The rise of the hyper-local blog ad (and what I'm doing to contribute) - April 25, 2004—
Are hyper-local news blogs the wave of the future? I'd like to think so, and it seems that OregonLive is ahead of the crowd. This article from CBS MarketWatch (requires registration) reports that, in a American Society of Newspaper Editors panel session on blogging this week, only five of the 200 participants said that their papers published blogs, and only a handful more were even thinking about it. Jeff Jarvis of Buzzmachine.com, one of the panelists, spoke of his vision of a network of volunteer "hyperlocal news blogs," and how these could attract smaller neighborhood businesses to online advertisements.
The concept of highly targeted local advertising is certainly not new: just ask anyone in the direct mail industry, or those waiters and waitresses handing out restaurant menus around the neighborhood. Craigslist has been there for a while, in a general way, with classified ads of all sorts that can be targeted to a city. Online yellow pages, especially Verizon's, have been aggressively targeting local businesses to purchase higher rankings in their city - these are still targeted by city, not by neighborhood, but are a lot cheaper than ordinary yellow pages advertising.
Only in the past week or two has Google developed a program meant to target keyword ads to localities, presumably costing much less than national or global ad campaigns. Newspapers would be ideal to jump on that bandwagon - after all, newspapers are the obvious first place for any local business to advertise; so much better if you could select a hyperlocal blog written by one of your best consumers.
Let's assume that blog readers who are interested in hyperlocal news are hyperlocated. This is probably about 30% true, and another 40% might be located near the neighborhood in question. Are these local blogs a natural place to advertise for the hair salon or pizzeria around the corner?
I would say yes, with some reservations. Hyperlocal blogs are absolutely ideal for local politicians - cheap, clearly relevant, and probably read by the individuals most likely to vote. A hyperlocal blog like mine would be a no-brainer for a local coffee shop or hair salon. The major negative is that bloggers, unpaid, unedited, and often a little rough around the edges, could just as easily trash their local coffee shop as compliment it. Imagine having your political ad appear on a post in which the blogger makes spurious accusations against your campaign. Egg is on your face, and on the newspaper's, but the blogger gets street cred.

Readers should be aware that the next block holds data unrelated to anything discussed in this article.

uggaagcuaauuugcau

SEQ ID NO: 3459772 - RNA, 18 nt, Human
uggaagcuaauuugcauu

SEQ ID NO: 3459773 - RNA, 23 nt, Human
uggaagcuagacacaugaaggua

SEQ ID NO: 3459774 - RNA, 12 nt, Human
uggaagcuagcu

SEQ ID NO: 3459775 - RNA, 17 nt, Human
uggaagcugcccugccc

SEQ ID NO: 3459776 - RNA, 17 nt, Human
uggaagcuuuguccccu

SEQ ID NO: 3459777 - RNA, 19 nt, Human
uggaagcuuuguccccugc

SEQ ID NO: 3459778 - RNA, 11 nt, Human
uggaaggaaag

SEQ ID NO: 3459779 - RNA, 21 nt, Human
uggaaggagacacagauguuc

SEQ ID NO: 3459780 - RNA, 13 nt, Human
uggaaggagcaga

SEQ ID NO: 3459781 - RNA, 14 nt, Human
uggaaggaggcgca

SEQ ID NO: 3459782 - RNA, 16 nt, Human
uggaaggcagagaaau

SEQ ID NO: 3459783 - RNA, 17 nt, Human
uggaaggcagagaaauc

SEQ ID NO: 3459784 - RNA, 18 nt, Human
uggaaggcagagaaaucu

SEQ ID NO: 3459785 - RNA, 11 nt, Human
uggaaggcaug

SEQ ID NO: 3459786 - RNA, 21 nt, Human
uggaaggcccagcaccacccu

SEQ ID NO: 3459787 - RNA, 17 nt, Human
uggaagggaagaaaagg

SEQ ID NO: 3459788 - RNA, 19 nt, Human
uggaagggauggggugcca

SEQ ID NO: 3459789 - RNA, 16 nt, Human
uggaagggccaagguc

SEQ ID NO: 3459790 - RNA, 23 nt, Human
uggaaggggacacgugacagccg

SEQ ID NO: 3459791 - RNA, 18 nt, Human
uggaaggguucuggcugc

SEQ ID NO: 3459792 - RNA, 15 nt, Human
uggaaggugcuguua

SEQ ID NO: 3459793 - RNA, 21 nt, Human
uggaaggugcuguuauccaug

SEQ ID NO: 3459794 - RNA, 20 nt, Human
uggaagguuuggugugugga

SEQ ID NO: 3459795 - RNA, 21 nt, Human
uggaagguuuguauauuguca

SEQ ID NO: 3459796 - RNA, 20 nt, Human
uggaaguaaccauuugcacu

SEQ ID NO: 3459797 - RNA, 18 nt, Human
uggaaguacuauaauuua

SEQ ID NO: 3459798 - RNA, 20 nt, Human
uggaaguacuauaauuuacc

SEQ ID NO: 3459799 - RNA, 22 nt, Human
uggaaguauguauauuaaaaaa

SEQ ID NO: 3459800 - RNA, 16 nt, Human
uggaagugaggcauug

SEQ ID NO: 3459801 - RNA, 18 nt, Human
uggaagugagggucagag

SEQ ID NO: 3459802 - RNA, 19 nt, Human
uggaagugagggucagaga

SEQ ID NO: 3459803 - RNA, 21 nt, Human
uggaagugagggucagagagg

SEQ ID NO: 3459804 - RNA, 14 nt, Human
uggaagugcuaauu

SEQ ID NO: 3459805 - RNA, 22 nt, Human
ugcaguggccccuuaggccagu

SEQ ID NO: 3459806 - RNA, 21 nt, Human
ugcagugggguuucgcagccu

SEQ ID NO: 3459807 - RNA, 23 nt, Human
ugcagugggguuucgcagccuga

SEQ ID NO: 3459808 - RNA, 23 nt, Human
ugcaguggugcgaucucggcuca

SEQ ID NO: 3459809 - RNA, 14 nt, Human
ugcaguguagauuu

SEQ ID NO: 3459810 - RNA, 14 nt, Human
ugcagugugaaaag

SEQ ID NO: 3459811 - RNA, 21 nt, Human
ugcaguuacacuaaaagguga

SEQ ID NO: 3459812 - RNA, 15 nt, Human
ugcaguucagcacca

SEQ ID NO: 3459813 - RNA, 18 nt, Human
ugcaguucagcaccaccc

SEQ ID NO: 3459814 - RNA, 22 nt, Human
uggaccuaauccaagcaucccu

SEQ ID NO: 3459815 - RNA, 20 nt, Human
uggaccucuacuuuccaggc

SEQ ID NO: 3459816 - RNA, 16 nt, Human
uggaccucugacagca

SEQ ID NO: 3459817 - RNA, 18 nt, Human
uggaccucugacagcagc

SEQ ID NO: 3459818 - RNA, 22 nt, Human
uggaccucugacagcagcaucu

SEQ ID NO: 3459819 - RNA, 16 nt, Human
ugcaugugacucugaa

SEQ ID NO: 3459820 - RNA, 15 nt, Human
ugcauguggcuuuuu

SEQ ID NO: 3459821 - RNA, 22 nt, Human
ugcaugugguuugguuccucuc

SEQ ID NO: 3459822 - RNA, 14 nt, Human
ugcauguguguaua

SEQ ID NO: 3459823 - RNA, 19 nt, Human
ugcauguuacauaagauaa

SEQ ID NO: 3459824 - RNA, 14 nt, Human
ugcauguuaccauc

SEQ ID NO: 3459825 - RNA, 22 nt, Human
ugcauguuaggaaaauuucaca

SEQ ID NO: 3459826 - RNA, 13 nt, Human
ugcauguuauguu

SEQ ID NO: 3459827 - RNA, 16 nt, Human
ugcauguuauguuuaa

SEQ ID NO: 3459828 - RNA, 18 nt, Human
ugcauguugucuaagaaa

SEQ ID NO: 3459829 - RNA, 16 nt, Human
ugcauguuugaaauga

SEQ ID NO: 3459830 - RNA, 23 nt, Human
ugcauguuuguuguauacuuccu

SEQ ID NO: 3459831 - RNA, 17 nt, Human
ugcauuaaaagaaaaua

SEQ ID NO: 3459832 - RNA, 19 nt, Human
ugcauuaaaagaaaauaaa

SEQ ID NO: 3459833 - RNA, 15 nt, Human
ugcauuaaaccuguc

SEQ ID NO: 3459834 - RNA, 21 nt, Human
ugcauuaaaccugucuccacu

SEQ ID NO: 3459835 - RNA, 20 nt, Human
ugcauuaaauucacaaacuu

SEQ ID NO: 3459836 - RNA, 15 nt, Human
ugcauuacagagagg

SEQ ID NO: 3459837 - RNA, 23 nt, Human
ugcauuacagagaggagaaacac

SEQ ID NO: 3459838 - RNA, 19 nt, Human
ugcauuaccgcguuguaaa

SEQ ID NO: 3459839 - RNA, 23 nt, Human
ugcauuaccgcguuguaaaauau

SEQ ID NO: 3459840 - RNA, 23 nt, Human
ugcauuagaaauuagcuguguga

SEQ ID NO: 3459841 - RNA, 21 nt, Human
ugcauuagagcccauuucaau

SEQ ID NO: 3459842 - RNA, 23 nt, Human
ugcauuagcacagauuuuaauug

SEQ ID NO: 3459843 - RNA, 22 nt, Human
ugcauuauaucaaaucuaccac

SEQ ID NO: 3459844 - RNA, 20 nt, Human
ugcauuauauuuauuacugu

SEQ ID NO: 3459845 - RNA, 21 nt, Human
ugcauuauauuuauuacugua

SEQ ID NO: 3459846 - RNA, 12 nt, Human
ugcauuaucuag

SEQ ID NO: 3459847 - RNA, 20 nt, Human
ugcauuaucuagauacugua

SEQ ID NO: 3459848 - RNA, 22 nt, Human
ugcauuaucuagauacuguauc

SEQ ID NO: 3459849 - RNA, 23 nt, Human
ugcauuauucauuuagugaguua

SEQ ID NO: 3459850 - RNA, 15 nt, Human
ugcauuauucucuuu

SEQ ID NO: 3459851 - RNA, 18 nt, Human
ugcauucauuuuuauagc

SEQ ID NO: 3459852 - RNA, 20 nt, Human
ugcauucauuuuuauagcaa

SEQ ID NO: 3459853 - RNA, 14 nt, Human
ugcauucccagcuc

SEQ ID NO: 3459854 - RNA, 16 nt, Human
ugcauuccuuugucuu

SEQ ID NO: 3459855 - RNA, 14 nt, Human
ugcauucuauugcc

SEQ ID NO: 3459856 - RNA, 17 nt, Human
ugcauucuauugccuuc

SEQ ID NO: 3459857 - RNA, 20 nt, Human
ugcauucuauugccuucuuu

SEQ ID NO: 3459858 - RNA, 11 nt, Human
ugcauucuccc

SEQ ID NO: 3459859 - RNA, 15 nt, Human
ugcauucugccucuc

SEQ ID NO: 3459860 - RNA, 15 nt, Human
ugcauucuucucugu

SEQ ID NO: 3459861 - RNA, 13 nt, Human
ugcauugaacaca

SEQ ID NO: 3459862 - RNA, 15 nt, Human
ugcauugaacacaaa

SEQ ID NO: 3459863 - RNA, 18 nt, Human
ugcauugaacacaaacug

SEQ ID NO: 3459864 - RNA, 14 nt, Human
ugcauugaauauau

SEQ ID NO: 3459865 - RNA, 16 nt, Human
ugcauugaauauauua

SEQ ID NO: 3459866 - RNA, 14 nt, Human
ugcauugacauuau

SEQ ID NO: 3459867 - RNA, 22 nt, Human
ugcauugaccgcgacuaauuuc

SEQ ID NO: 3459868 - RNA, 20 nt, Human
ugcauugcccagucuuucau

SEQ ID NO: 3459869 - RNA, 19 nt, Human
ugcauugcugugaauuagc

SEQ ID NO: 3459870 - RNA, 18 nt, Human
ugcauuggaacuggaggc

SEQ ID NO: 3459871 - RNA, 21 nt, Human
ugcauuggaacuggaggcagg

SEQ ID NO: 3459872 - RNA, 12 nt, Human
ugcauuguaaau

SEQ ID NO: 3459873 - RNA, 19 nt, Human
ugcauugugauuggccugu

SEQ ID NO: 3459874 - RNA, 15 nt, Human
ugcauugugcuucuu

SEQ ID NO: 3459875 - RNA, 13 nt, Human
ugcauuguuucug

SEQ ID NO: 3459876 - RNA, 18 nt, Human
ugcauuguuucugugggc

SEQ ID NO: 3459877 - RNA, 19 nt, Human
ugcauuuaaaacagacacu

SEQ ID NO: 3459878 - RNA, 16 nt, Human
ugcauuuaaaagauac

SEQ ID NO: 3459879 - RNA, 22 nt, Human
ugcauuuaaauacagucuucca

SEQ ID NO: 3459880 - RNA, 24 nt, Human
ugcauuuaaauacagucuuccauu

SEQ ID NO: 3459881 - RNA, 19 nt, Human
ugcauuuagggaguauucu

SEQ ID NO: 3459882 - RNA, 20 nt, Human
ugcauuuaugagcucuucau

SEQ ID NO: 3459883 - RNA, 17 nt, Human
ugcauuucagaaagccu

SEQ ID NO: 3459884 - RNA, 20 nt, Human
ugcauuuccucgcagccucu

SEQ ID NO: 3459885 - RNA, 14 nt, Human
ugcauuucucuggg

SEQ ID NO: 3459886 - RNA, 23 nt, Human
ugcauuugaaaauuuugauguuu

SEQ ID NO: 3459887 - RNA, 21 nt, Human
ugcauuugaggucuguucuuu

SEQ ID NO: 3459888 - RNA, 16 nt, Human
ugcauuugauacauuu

A more perfect world would be a situation in which the advertising could be targeted without being so obviously linked to the specific content. It's one of my goals with Jyte, the news reader my company is developing: collect very basic locality data on our users so that advertising could be targeted, by locality and by date. How about a scrolling political ad on the three days before the primary? Now THAT would be targeted, cheap, and very effective.
Will these hyperlocal blogs catch on, anyway? It's hard to know for sure but one thing I DO know: mine is garnering lots of attention and it seems to fill that niche that was really hoping for a filler. It's a tough call, though, because many "volunteers" will be lower on the writing quality scale, which could be a turn-off to those readers who really don't know what blogs are. Ideally, the writers will be those undiscovered gems that were just waiting for their break and will volunteer for the free promotion. Hmmm, that rings a bell with me ;).